Flags at half mast for sad Beckham
PUBLISHED: 11:45 06 July 2006 | UPDATED: 10:23 06 May 2010
DRIVING to work on Monday morning, I had a nagging feeling that there had been a significant change in the street scene but could not immediately put my finger on it. Then it hit me, almost like a rocket from Stevie Gerrard s boot heading goalwards. Durin
DRIVING to work on Monday morning, I had a nagging feeling that there had been a significant change in the street scene but could not immediately put my finger on it.
Then it hit me, almost like a rocket from Stevie Gerrard's boot heading goalwards.
During the journey of around six miles I spotted just one car still flying an England flag.
On Friday's trip home the highway was awash with red and white pennants fluttering from hundreds of cars.
But they all but disappeared after that heart-wrenching defeat by the Portugese, perhaps ripped off in disgust or more likely in despair.
Usually, I'm not one to feel the slightest compassion for someone who has made untold millions simply because he is good at kicking a ball but I must say I felt sorry for David Beckham as he sat sobbing after hobbling off injured from the quarter final clash.
My guess then was that somehow he knew England were about to lose and be dumped out of the World Cup, and the dream that he had had since a wide-eyed boy was about to be shattered.
He would have been right, we soon realised, but now we understand that mostly those tears were for an era coming to an end.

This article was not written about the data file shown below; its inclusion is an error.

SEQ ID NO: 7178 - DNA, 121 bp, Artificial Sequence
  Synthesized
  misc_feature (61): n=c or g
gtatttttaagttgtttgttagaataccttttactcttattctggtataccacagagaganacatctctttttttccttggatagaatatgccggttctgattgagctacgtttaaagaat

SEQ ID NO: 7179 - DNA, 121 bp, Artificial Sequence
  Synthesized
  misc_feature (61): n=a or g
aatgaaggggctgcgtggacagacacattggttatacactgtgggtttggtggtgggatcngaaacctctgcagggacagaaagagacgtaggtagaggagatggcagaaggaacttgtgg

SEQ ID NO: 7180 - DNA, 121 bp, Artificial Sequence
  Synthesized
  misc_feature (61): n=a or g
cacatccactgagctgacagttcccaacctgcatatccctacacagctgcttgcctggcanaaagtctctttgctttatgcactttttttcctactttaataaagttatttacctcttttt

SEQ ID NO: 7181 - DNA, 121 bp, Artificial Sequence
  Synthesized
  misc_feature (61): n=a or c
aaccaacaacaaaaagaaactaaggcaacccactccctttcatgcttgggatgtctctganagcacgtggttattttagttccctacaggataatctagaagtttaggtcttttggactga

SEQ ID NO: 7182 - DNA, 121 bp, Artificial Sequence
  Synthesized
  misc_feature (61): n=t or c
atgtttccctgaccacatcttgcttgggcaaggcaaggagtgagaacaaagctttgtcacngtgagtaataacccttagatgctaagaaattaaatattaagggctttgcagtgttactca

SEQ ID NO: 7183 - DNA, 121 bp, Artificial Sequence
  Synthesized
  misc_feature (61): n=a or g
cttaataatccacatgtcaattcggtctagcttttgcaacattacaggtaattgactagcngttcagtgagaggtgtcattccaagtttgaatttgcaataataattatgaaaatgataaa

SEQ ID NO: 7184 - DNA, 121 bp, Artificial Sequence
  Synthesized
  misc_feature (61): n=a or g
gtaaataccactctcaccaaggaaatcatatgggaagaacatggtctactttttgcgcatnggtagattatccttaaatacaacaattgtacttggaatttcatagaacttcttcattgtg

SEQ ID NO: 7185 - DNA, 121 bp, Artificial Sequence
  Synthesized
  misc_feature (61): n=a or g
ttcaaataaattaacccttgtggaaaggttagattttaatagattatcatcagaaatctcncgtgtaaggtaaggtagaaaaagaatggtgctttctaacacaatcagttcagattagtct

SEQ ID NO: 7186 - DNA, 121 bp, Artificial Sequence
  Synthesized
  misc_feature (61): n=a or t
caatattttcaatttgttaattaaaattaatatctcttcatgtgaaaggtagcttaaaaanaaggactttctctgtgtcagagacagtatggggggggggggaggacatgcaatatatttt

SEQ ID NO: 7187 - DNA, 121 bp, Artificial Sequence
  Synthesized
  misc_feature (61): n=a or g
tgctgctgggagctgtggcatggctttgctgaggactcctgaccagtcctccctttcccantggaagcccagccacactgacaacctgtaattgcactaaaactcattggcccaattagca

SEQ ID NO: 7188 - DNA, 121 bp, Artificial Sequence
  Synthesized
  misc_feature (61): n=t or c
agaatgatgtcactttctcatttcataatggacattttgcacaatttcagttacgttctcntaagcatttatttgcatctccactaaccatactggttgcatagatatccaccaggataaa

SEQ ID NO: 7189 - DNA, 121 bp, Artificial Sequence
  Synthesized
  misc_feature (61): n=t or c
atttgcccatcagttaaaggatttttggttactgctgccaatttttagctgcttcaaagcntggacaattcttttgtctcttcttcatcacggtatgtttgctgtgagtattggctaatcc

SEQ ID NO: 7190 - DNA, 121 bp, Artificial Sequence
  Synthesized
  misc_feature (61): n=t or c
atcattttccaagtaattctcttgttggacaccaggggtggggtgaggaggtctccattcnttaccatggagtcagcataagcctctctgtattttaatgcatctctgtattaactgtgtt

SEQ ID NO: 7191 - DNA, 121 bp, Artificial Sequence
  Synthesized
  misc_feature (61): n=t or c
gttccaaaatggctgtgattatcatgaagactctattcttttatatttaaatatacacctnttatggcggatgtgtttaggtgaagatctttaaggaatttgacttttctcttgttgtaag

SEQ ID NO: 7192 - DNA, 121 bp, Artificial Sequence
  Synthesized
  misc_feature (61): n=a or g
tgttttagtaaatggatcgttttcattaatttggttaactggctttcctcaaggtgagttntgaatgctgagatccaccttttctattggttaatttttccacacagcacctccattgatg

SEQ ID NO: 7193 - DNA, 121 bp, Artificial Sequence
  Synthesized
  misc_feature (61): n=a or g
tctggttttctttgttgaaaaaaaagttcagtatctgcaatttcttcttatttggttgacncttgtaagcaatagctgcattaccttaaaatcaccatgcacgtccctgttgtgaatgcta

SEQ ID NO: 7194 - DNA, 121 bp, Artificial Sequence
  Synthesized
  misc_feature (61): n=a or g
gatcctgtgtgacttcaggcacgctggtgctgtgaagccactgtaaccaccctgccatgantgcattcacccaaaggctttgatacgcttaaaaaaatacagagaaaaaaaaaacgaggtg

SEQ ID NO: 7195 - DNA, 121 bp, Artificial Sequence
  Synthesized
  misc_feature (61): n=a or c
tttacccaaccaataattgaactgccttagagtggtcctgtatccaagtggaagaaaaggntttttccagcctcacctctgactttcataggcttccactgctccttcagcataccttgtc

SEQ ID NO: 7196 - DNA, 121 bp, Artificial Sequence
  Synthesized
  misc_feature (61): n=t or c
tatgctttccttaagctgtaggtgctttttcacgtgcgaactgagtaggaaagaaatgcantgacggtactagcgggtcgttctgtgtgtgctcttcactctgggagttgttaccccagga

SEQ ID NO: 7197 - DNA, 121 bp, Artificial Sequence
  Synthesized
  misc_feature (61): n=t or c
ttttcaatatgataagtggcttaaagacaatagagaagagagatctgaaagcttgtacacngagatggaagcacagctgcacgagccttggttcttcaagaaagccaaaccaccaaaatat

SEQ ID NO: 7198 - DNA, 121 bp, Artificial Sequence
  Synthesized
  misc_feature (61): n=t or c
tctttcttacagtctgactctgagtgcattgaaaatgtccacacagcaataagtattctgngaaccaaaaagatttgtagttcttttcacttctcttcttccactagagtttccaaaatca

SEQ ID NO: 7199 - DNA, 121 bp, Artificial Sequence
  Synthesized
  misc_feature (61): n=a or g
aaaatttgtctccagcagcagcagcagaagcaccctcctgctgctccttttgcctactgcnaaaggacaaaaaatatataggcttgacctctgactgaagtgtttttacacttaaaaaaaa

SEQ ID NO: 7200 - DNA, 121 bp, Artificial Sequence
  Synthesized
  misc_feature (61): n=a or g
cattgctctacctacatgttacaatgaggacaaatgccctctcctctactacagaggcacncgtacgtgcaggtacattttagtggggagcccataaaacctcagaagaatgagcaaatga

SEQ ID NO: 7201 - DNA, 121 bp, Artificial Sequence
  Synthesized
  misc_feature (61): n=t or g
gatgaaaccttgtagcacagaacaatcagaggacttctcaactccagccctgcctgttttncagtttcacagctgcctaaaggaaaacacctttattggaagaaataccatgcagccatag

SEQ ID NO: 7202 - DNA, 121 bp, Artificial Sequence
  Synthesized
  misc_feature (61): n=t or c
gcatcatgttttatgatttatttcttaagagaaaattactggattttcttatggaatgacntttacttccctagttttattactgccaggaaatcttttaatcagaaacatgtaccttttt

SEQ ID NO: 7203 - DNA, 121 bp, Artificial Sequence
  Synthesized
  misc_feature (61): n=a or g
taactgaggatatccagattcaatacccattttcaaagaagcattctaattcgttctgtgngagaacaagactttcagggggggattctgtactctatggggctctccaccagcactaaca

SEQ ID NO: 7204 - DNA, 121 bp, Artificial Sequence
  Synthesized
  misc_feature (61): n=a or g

Dear David, who I had come to regard as the Roy of the Rovers of the football world for his honesty, integrity and all round good egg-edness, had decided some time before the challenges in Germany to step down as captain of England after a five-year reign, we learned.
It came as a bit of a shock to the nation, no doubt, but his reasoning that the team under a new manager needed a fresh start was commendable.
Although he made it clear that he would still be available for national duty, Bend It Like Himself must at 31 be thinking about retirement from the game to which he has given so much.
Now it will be interesting to see what sort of honour comes his way from the Queen. There's bound to be something soon for all his sterling service but I reckon failure to lift the World Cup has, for the moment at least, put the kybosh on a knighthood being conferred.
Putting aside the disappointment of England's performance in the World Cup, I must admit to a tingle of pleasure at something I learned last week.
Quite a while ago in this column I noted that the ancient Cromwell Hotel in Stevenage High Street had a new owner which had changed the name to The Corus Hotel, and opined that customers would continue to call it the Cromwell because that is what it had been known as for donkey's years.
Last week I spotted an advert for the said establishment which read: "The Cromwell Hotel (formerly known as Corus)."
Could this be right, or had there been an inadvertent switch of names?
So I rang the hotel and was told that, yes, a new owner was taking over so Corus was being dropped and The Cromwell was back in favour.
So at least that was a much better outcome than the World Cup.
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